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0199 The use of the spectacle covert camera and simulation in teaching non-verbal communication skills
  1. Rachel Nigriello1,2,
  2. Nicholas Blundell2,
  3. Nicola Jakeman2
  1. 1University of Bristol, Bristol, UK
  2. 2Royal United Hospital, Bath, UK


Background Patient dissatisfaction with information given and the attitude of staff generates the greatest number of written complaints to the NHS each year.1 Research has shown the importance of communication in the doctor-patient relationship and patient satisfaction.2 Communication skills are traditionally taught by role-play but this can be considered too artificial. Wearable cameras (e.g. Google Glass) and simulation have been used to generate patient’s ‘point of view’ video footage.3 There is limited research into using covert camera glasses to aid communication skills training.

Innovation This project trialled using the Spectacle Covert Camera glasses in an anaphylaxis scenario with two 3rd year medical students and an actor playing a stressful relative. The students consented to being filmed but were unaware of the scenario or the glasses. The students were debriefed after the scenario before watching the video. After watching the video on their own they completed a questionnaire which assessed how the video aided their awareness of communication skills. This simulation was based on a recent case at a coroner’s court which highlighted the importance of non-verbal communication (NVC) skills.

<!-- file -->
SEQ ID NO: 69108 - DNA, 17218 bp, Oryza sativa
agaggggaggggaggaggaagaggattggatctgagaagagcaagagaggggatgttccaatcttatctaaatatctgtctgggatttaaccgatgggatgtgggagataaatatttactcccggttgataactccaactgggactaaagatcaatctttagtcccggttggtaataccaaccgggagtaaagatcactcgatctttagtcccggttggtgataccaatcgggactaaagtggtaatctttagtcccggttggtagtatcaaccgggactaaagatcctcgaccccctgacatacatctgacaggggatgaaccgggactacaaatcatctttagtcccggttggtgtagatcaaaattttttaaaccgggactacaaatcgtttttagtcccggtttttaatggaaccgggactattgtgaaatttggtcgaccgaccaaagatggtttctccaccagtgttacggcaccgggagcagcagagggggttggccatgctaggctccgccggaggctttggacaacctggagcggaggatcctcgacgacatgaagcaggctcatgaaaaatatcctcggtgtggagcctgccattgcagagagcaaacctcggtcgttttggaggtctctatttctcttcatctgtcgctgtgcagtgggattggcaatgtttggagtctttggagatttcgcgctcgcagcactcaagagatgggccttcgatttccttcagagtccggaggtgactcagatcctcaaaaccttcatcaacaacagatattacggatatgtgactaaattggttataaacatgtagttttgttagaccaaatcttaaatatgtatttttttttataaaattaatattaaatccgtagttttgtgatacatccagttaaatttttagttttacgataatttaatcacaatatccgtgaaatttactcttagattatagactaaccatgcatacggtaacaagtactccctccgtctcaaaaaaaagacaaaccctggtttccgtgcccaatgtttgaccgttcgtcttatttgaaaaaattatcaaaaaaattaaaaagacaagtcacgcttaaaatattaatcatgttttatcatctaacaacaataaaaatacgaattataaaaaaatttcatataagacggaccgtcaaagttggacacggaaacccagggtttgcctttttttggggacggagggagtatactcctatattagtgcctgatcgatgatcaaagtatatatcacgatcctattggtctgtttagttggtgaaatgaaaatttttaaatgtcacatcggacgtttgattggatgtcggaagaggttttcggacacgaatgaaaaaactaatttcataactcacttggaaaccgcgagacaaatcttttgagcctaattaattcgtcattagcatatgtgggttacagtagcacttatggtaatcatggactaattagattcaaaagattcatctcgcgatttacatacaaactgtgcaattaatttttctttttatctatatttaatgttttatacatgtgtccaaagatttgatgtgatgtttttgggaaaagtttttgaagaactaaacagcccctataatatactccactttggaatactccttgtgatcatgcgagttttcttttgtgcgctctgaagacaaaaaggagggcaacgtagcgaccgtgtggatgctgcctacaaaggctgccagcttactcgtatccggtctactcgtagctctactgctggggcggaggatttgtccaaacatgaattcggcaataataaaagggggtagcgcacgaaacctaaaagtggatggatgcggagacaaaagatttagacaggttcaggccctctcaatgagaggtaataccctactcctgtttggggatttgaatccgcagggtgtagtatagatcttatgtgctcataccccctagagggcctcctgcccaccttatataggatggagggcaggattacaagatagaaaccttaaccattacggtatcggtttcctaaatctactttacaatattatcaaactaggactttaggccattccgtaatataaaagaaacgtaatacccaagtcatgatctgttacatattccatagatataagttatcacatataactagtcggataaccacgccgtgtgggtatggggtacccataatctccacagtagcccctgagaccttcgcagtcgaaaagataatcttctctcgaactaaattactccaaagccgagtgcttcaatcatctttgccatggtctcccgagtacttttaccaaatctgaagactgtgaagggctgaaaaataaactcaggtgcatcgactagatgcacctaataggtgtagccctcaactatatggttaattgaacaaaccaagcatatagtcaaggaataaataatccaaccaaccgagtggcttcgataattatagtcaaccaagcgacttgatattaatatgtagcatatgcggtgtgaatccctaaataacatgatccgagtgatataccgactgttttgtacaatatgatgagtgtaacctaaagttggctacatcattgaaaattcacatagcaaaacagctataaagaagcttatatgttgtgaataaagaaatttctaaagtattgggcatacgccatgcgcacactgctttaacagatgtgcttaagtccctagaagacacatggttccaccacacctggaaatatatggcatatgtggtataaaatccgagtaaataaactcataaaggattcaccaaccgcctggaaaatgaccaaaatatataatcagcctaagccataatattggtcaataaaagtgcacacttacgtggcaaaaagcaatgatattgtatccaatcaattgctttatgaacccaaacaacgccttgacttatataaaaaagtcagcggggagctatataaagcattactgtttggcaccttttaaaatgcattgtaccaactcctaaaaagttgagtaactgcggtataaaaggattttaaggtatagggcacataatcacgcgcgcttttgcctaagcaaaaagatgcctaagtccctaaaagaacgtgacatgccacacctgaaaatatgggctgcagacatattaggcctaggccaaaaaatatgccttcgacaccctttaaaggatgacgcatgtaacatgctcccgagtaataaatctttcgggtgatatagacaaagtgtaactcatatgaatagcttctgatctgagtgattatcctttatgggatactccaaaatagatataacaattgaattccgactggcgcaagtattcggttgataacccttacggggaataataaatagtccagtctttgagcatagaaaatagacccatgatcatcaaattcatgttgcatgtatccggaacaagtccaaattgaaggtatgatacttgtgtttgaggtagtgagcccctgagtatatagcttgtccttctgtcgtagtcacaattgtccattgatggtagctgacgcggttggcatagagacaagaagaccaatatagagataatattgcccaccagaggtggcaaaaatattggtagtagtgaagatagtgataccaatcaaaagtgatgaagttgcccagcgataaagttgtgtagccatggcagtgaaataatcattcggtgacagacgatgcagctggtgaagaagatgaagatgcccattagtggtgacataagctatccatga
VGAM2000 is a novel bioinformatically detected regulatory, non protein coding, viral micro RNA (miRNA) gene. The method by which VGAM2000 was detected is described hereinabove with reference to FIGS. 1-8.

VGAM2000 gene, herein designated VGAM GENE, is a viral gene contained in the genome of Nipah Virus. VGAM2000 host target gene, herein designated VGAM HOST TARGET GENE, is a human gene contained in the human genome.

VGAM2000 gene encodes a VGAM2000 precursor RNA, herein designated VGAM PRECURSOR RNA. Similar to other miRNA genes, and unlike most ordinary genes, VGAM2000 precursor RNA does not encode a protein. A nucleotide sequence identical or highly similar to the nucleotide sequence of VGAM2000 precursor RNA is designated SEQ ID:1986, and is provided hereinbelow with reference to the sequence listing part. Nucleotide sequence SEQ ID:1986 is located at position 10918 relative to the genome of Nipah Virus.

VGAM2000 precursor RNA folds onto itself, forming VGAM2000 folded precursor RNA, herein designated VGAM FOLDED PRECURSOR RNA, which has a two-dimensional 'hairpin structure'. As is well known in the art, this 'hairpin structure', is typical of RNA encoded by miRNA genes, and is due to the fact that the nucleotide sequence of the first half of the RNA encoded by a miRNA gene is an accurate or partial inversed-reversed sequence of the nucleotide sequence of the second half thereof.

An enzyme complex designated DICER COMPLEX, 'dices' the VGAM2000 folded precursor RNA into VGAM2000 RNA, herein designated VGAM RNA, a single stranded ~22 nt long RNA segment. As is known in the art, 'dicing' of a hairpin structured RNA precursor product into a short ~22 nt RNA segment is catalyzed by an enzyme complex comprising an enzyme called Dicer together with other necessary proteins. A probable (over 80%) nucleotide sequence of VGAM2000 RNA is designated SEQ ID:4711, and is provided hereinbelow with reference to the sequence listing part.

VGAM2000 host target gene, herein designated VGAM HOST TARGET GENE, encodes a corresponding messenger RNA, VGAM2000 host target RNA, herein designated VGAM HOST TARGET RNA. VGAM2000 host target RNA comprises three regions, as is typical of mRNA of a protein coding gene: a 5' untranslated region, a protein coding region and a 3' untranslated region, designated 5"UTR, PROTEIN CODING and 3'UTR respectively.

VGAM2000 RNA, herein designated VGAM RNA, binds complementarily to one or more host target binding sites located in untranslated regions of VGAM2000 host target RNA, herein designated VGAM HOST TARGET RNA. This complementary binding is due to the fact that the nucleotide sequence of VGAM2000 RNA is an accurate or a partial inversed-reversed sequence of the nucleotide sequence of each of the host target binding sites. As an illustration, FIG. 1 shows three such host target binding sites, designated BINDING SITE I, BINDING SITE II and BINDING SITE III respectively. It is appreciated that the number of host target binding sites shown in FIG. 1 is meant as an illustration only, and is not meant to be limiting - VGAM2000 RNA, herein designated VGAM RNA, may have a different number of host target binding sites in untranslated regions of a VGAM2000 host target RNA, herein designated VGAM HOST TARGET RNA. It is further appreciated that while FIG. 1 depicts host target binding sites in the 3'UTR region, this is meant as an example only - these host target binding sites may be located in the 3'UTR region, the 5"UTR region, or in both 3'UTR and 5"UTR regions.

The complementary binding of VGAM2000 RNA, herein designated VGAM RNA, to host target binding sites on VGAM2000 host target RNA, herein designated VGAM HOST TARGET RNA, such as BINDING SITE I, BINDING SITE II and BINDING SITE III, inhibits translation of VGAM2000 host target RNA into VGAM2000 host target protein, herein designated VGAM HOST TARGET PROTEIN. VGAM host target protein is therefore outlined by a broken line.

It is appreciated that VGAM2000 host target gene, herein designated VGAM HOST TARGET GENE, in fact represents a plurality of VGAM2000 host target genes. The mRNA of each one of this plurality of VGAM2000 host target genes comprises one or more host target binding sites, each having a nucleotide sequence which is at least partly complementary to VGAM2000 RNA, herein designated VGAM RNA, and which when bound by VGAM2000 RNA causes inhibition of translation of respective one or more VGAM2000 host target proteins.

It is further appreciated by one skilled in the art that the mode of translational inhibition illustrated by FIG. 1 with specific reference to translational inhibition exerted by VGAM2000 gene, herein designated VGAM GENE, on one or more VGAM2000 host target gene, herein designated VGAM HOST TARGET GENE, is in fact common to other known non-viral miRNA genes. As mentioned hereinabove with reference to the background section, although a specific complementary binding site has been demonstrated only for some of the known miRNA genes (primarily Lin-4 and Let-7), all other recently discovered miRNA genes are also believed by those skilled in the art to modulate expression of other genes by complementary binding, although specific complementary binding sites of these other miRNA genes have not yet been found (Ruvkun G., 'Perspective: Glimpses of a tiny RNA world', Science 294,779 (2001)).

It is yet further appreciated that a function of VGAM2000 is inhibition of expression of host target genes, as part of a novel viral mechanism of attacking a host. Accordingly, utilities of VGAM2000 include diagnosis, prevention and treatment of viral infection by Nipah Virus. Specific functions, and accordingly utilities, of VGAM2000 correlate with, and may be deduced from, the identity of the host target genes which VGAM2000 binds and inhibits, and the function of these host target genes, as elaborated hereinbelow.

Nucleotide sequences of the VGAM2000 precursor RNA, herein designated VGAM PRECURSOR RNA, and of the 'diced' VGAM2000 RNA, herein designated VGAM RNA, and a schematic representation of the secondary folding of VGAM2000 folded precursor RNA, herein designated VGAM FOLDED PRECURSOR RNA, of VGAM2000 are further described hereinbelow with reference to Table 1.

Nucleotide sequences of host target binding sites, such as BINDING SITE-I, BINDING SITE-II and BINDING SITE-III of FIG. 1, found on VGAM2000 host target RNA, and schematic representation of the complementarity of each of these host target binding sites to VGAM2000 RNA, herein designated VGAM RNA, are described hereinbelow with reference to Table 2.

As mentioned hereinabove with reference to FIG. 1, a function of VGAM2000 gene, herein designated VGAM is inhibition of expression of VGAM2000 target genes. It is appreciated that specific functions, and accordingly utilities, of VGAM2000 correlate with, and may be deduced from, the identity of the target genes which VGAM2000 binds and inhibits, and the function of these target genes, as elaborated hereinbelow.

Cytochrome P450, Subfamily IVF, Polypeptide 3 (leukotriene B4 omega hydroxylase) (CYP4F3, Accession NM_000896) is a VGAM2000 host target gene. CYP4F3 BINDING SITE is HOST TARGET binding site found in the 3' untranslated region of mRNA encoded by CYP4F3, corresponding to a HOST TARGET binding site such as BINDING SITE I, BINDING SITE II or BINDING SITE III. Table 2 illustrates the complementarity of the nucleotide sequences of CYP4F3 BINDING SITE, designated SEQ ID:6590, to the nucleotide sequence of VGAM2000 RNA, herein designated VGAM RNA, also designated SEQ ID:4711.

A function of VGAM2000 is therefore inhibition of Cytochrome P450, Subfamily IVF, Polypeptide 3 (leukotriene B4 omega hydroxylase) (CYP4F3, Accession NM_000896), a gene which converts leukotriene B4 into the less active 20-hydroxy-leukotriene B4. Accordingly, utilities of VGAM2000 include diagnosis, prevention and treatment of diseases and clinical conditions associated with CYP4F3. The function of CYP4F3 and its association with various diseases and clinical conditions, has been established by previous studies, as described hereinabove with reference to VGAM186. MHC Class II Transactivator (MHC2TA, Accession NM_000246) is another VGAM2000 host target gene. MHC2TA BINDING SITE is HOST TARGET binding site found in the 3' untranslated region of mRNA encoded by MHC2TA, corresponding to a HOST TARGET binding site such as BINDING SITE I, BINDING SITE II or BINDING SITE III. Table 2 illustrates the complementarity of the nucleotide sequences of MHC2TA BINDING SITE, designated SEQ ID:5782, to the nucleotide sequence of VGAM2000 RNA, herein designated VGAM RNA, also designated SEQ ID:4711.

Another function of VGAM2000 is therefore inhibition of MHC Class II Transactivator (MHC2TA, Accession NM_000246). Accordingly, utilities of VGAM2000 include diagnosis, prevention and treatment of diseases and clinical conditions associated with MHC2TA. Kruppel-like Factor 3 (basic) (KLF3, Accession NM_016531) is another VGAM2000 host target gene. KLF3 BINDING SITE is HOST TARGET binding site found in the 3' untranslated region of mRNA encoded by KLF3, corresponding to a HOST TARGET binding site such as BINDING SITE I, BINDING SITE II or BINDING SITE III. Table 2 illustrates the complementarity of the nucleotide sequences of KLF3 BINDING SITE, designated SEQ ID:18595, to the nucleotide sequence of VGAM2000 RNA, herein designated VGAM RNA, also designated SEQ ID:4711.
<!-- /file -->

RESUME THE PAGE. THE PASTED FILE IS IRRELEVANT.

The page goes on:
Outcomes The students found that it was difficult to focus on communication while in a high stress environment and they were unaware of their NVC. The video from the Spectacle Covert Camera raised their awareness of how body language impacted communication. The camera also allowed for accurate recall of events, verbal and non-verbal communication.

Take home messages

  • Covert camera glasses can help raise the awareness of NVC skills to medical students.

  • Comparative research using hidden camera glasses and simulation vs. traditional communication skills training is required in order to further assess their usefulness in teaching communication skills to medical students.


  1. Workforce and Facilities Team, Health and Social Care Information Centre. Data on Written Complaints in the NHS. 2013–14

  2. Siassakos, D. Team Communication with patient actors findings from a multisite simulation study. Sim Healthcare 2011;6:143–149

  3. Tully J, et al. Recording medical students’ encounters with standardized patients using Google Glass: providing end-of-life clinical education. Acad Med 2015;90(3):314–16. doi: 10.1097/ACM.0000000000000620

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